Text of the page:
There are a collection of role players around the NHL that I love, and Scott Laughton as a potential third line center or winger is definitely one of them. The pending UFA recently made the TSN Trade Bait Board list at 16th overall on the strength of the Flyers seeing their goaltending situation implode this year. Laughton’s 17 points in 31 games certainly speaks to the fact that he can be a complimentary offensive player, as well as a defensive contributor, but his 92 hits this season might speak more to what Toronto could use to diversify it’s style of play amongst the forward group. Priced at $2.3M the Leafs might not even need to ask the Flyers to retain much in the way of salary to bring him in, but if they did that would certainly leave Toronto with even more flexibility down the stretch to improve in other areas. As for what he’d cost, well, I have no idea, but I’d imagine the Leafs would be able to escape with their four top prospects still in the organization.
5. Strength of the reserve list
With the return of Simmonds, and Alex Galchenyuk looking like he belongs on the Leafs, it seems like things have gone pretty quiet for taxi squad movement onto the Leafs roster, but it raises an important question about what the organizational depth situation will look like heading into the playoffs. With the Leafs presumably adding at the trade deadline it’s entirely possible that some of the current roster players will find their way onto the taxi squad to make way for shiny new things, and assuming they clear waivers, that depth will be great for the Leafs.
Now if those roster players don’t clear waivers, or the Leafs don’t add to their lineup, it’s worth taking a look at what depth the Leafs have at each position.
On defense, Martin Marincin, Calle Rosén, Timothy Liljegren, Teemu Kivihalme, and possibly healthy Rasmus Sandin make for promising depth and really other than adding a physical option to that group the Leafs seem to have their bases covered as best they can.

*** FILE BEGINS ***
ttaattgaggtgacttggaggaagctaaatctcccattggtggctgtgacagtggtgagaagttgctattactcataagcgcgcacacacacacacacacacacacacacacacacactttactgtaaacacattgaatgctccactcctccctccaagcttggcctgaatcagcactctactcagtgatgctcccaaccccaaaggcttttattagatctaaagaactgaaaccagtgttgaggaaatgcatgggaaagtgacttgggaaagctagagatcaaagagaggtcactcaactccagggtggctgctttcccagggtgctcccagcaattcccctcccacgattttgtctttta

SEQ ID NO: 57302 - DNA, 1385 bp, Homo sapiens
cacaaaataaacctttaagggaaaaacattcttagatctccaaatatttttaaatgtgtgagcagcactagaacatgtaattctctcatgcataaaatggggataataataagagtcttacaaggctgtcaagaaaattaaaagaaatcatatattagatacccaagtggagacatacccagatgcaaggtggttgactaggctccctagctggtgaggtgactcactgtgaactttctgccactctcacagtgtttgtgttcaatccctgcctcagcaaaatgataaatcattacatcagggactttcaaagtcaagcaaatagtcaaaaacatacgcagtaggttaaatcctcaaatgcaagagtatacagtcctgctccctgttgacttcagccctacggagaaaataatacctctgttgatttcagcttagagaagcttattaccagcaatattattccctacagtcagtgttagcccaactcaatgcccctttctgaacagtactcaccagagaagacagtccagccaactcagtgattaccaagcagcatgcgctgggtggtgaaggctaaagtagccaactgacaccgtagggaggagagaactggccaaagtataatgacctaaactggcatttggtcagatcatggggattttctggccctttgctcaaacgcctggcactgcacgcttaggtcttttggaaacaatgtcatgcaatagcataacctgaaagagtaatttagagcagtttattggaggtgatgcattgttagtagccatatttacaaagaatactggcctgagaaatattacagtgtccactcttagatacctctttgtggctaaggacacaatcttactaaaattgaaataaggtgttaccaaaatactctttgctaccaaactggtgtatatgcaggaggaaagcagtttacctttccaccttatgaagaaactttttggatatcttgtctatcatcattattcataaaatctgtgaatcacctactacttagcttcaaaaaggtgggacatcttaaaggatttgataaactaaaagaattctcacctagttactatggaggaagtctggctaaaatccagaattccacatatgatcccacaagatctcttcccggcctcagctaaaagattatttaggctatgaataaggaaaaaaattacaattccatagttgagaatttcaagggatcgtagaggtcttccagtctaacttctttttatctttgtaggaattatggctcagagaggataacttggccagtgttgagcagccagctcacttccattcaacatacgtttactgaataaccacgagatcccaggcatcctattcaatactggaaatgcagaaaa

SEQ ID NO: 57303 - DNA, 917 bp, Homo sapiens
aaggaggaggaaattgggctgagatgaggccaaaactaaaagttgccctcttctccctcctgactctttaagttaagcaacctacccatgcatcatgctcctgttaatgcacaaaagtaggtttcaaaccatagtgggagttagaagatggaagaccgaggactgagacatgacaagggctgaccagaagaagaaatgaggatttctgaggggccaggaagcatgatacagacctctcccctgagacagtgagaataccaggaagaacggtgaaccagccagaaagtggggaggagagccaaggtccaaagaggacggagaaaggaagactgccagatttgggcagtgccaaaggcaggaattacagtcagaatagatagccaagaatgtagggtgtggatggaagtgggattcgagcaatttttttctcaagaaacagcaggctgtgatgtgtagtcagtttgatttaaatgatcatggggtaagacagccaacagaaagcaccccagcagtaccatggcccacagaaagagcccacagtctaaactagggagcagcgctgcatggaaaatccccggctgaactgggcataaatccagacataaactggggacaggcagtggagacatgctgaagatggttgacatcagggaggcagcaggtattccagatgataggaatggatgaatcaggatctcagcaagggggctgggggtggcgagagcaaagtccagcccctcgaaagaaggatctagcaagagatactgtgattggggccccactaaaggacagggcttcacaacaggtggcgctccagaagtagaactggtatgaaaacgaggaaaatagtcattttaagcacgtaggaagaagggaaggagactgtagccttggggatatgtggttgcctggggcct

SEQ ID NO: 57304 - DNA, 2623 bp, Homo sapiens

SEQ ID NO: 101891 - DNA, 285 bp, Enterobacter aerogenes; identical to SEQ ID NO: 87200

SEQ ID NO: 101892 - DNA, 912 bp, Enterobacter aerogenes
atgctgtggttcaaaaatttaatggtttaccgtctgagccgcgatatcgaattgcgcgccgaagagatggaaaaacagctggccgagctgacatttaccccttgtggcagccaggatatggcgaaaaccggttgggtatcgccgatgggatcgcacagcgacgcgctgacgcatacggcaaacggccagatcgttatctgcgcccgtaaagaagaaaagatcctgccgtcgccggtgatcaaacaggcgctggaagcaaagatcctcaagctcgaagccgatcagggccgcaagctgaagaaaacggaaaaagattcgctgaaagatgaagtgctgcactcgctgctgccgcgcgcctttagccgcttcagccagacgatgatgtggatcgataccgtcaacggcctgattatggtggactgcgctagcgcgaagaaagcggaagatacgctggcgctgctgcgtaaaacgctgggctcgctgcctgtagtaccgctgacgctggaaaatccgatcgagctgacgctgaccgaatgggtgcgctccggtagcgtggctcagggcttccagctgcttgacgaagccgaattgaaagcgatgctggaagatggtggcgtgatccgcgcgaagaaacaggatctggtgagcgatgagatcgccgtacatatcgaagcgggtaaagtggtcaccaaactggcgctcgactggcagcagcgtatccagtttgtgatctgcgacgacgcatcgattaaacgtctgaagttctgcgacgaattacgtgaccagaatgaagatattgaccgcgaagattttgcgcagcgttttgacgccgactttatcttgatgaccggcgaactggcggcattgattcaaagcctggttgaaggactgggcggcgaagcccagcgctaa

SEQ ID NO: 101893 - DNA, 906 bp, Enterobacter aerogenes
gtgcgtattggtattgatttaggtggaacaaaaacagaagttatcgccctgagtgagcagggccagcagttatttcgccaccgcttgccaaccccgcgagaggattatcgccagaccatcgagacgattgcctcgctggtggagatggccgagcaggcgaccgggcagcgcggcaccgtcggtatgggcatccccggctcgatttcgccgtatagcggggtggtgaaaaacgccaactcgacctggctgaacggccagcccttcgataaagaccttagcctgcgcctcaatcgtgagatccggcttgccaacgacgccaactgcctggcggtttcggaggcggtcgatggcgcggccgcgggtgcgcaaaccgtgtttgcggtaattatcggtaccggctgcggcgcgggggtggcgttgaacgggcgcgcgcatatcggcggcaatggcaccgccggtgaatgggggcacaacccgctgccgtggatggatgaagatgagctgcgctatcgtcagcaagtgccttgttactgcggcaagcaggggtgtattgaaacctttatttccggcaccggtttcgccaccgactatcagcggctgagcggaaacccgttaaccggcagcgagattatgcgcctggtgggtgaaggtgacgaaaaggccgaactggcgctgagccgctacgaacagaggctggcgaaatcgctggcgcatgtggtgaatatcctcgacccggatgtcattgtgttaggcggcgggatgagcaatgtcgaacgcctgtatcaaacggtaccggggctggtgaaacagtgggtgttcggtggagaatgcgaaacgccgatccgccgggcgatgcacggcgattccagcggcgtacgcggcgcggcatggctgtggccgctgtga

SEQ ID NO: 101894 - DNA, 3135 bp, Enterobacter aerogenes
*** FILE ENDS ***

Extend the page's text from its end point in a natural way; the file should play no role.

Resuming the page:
On forward it’s a bit shakier. Nic Petan has shown promise at time, and Alexander Barabanov could be a suitable bottom six spark plug. If Nick Robertson is healed up he’s certainly an exciting option, but along with players like Adam Brooks, Kenny Agostino, Joey Anderson, and Denis Malgin, the Leafs would presumably be trying to fit bigger question marks into their lineup, and again without really having a physical option beyond the feistiness of Anderson or putting in a true enforcer like Sabourin.
It will be interesting to see if the Leafs do anything in regards to their depth in next couple of weeks as well. While it may not be a priority, having some options that could be switched in and out of the lineup based on the style of play of their opponent might be helpful. Jimmy Vesey or Travis Boyd were huge losses for the Leafs, but when it comes to the forward depth situation, it’s possible we might miss them down the stretch and into the playoffs.
As always, let us know your thoughts. Is Laughton a fit for the Leafs? Have I been too harsh on Simmonds? Tell us what you think in the comments.
Saturday night with 13:41 left in the second period, Logan Stanley scored his first-ever NHL goal against the Calgary Flames. Congratulations to the big man for getting his first goal and honestly, what I would say would be a successful first season in the NHL.
The guy isn’t going to win the Calder Trophy, but he’s a solid third-pairing defenseman. He won’t put up points, but he will throw a big hit, block some shots and will be a big presence when there’s a scrum around the net. We should also mention how great of a smile he has and when he shows it off on the ice it brings a smile to my face. Look at that smile in the photo we’ve got for him.
I think he’s sort of replaced Dustin Byfuglien. I know there are tons of obvious differences and that phrase could get me run out of Manitoba. What I mean by it is he’s got a presence in the back end where he can calm things down, not because he’s angry or mean but because he’s so big that guys generally don’t want to mess with him. How many times have we watched someone try to hit Stanley and they just fall down because he’s just too big.